Shazza McKenzie is an Australian Professional Wrestler who has wrestled internationally for a number of promotions including Pro Wrestling Women’s Alliance, Shimmer and Shine Wrestling in Australia, the United States and Canada. She even got to wrestle her fellow Australian Emma (Tenille Dashwood) in a televised WWE NXT match.
Shazza has held a number of titles worldwide, and talks about her career to date, growing up as a fan in Australia, and gives advice for anyone interested in a career in Wrestling.
Tell us how you got started – When did you first decide to get into Wrestling?
Wrestling wasn’t big in Australia growing up and it still isn’t that big, however thankfully it is growing. I started watching wrestling as a teenager and got hooked instantly. As soon as I had enough money to start training I found the nearest school and signed up.
Where did you go to train and how did you feel taking your first bumps?
I started training at AWF in September 2007 and then from January 2009 I’ve trained regularly with Pro Wrestling Academy run by Madison Eagles, Robbie Eagles and Mick Moretti. I remember it taking a lot of mental preparation to throw myself into the ground and I made sure I got a massage the next day to keep me moving.
You have held a number of titles in different countries, when you think of the matches you won to get the titles which one stands out?
The match where I won the PWA Tag Team Championships with Big Fudge stands out to me. It was special because going into it we knew that it would be Instagraham’s last match before moving to England. It was also the first time I stood across the ring from my fiancé Unsocial Jordan so there was a lot of fun and meaningful moments throughout the match.
Tell us your thoughts on the so-called ‘Women’s Revolution’ in Wrestling which has made lots of mainstream news in recent years.
I don’t like to overly use the term Women’s Revolution because that implies that we changed and got better, whereas the girls in WWE and on the indies always had the ability to have the matches they’re having now but were never given the time and opportunity. I think of how much this industry has changed when it comes to women in the time I’ve been doing it and it’s crazy to think how many more open doors the next generation will have.
You wrestled Emma/Tenille Dashwood at NXT in 2015, a re-match of her last match in Australia before she signed with WWE. How was that, and are there any other Australian talents that we should be looking out for?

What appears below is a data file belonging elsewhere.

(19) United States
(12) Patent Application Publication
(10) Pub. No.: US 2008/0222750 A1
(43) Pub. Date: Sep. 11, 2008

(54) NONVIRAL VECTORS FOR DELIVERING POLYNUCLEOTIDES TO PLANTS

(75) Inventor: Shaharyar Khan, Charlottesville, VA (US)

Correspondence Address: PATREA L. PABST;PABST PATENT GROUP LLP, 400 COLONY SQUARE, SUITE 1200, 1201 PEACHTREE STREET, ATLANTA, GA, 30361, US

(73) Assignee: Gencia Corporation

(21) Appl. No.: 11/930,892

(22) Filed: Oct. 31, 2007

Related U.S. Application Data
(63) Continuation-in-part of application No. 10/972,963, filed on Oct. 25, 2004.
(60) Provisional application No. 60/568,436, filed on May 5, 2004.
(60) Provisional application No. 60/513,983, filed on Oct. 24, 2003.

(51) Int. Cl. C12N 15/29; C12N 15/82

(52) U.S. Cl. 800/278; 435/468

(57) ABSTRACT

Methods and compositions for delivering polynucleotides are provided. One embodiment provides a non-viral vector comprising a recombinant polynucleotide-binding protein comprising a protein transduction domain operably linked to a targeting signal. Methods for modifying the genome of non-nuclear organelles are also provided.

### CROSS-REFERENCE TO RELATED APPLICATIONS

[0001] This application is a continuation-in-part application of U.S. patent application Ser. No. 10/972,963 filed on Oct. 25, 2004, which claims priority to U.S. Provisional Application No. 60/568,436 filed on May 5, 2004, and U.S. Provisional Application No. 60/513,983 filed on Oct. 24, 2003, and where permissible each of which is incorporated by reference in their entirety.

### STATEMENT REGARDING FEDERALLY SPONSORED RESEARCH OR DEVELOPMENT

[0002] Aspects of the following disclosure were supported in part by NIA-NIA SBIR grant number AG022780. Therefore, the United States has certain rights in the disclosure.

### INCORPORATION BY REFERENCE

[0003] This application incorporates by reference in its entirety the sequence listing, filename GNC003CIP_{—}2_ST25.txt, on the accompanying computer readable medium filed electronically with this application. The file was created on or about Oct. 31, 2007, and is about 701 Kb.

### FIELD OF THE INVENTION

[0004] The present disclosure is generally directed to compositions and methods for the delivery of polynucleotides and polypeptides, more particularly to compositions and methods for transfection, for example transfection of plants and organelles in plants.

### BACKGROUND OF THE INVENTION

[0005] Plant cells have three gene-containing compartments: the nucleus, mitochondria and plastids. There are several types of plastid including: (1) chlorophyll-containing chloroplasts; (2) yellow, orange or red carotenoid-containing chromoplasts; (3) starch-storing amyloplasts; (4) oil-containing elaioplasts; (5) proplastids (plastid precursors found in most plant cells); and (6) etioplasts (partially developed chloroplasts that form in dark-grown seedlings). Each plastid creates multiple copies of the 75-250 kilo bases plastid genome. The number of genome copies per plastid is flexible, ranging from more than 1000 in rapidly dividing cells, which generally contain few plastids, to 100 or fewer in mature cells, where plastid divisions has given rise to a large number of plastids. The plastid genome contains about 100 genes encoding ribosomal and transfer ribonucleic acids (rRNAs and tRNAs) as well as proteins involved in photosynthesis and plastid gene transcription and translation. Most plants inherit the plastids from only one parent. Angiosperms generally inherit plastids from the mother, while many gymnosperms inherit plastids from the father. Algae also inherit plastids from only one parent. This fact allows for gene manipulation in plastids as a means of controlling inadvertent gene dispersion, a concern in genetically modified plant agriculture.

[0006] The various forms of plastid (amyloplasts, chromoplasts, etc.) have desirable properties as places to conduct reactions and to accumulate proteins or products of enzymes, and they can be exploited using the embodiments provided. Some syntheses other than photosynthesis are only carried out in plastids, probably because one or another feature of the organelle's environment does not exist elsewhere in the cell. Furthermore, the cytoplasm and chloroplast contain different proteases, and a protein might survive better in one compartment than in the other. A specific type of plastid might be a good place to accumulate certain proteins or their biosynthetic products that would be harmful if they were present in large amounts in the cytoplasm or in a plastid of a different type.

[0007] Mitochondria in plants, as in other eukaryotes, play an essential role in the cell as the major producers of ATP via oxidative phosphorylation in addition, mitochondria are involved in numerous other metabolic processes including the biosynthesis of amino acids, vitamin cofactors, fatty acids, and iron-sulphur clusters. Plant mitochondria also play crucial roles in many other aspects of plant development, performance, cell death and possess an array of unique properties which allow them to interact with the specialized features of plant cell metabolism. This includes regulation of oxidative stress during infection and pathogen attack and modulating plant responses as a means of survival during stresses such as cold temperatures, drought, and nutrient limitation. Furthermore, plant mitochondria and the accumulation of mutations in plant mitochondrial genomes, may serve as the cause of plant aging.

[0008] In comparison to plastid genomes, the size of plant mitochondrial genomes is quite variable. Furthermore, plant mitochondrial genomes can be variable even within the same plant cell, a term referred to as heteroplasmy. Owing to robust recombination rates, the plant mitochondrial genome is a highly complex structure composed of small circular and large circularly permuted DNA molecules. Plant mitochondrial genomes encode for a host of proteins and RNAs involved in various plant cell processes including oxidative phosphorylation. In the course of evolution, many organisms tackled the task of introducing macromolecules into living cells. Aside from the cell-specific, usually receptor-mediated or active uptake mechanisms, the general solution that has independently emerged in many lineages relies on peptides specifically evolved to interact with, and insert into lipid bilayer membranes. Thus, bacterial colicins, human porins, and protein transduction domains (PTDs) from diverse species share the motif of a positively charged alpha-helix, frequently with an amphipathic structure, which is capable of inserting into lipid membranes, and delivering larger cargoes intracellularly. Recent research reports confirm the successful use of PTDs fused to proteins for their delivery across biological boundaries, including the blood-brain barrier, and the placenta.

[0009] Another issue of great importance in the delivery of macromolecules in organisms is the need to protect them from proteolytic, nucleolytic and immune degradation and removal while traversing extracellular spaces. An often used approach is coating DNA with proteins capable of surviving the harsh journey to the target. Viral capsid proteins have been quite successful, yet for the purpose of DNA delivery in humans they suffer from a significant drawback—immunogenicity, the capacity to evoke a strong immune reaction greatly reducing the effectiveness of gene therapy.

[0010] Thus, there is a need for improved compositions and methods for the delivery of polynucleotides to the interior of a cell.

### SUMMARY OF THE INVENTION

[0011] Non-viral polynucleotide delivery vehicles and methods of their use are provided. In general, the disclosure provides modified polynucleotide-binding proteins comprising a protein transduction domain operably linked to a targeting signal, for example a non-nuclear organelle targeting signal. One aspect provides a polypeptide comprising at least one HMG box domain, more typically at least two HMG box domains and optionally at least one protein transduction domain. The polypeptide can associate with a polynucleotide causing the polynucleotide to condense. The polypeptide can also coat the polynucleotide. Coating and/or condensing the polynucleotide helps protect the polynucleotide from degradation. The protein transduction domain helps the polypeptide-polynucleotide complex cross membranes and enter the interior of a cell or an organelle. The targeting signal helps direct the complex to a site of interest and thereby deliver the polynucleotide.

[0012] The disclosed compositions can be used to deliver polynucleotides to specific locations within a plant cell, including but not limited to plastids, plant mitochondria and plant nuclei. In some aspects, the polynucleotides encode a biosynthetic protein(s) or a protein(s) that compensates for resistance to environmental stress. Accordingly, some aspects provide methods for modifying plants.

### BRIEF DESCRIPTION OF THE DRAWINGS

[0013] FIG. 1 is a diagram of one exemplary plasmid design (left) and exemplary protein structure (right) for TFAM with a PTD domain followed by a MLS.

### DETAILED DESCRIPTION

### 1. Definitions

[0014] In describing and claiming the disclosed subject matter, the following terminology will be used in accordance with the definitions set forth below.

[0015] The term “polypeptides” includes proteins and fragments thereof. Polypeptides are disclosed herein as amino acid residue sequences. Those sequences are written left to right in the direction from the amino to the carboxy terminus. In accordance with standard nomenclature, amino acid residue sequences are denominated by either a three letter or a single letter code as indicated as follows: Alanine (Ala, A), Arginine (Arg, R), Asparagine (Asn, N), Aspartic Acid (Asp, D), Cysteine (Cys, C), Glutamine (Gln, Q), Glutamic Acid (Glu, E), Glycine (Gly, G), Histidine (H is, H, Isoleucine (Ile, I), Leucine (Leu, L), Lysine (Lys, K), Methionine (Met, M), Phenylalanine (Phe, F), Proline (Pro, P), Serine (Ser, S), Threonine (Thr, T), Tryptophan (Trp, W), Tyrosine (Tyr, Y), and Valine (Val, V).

I absolutely love wrestling Tenille and I hope now that she’s working independently that we will get the opportunity to wrestle again. To me Jessica Troy is a huge star in the making. I want the world to see her because she’s only just getting started and she’s already so good.
What’s your favourite match?
Mine: Vs. Madison Eagles House Of Hardcore Sydney 2017
Others: Team Uppercut Vs. Masters Of 1000 Holds King Of Trios 2009
Who inspires you?
My trainers inspire and motivate me daily so, Madison and Robbie Eagles. I also get huge inspiration from Billie Kay and Peyton Royce because I’ve known them since I first started so seeing how far they’ve come and what they’ve accomplished helps keep me motivated on the hustle.
Tell us about a typical day in your life.
Well I live in Australia and the cost of living here is ridiculous so I can’t wrestle full time. My normal week day I wake up at 4am and go to the gym, then head to work for 8 hours and then off to Wrestling training til 9pm. Go home, sleep and repeat again.
You have already achieved so much in your career, what do you want to achieve next?
I want to do this for a living so ideally I’d like to help grow the Australian Wrestling scene to a point where the men and women in it don’t have to have a second job.
If you’re about to embark on this journey then be prepared for a bumpy ride. It takes a lot of time, effort and money to get somewhere but you’ll have a blast along the way. Also, go to the gym – the goal is usually to make people chuck their first session so if your fit you’ll survive.
How can readers keep track of your progress?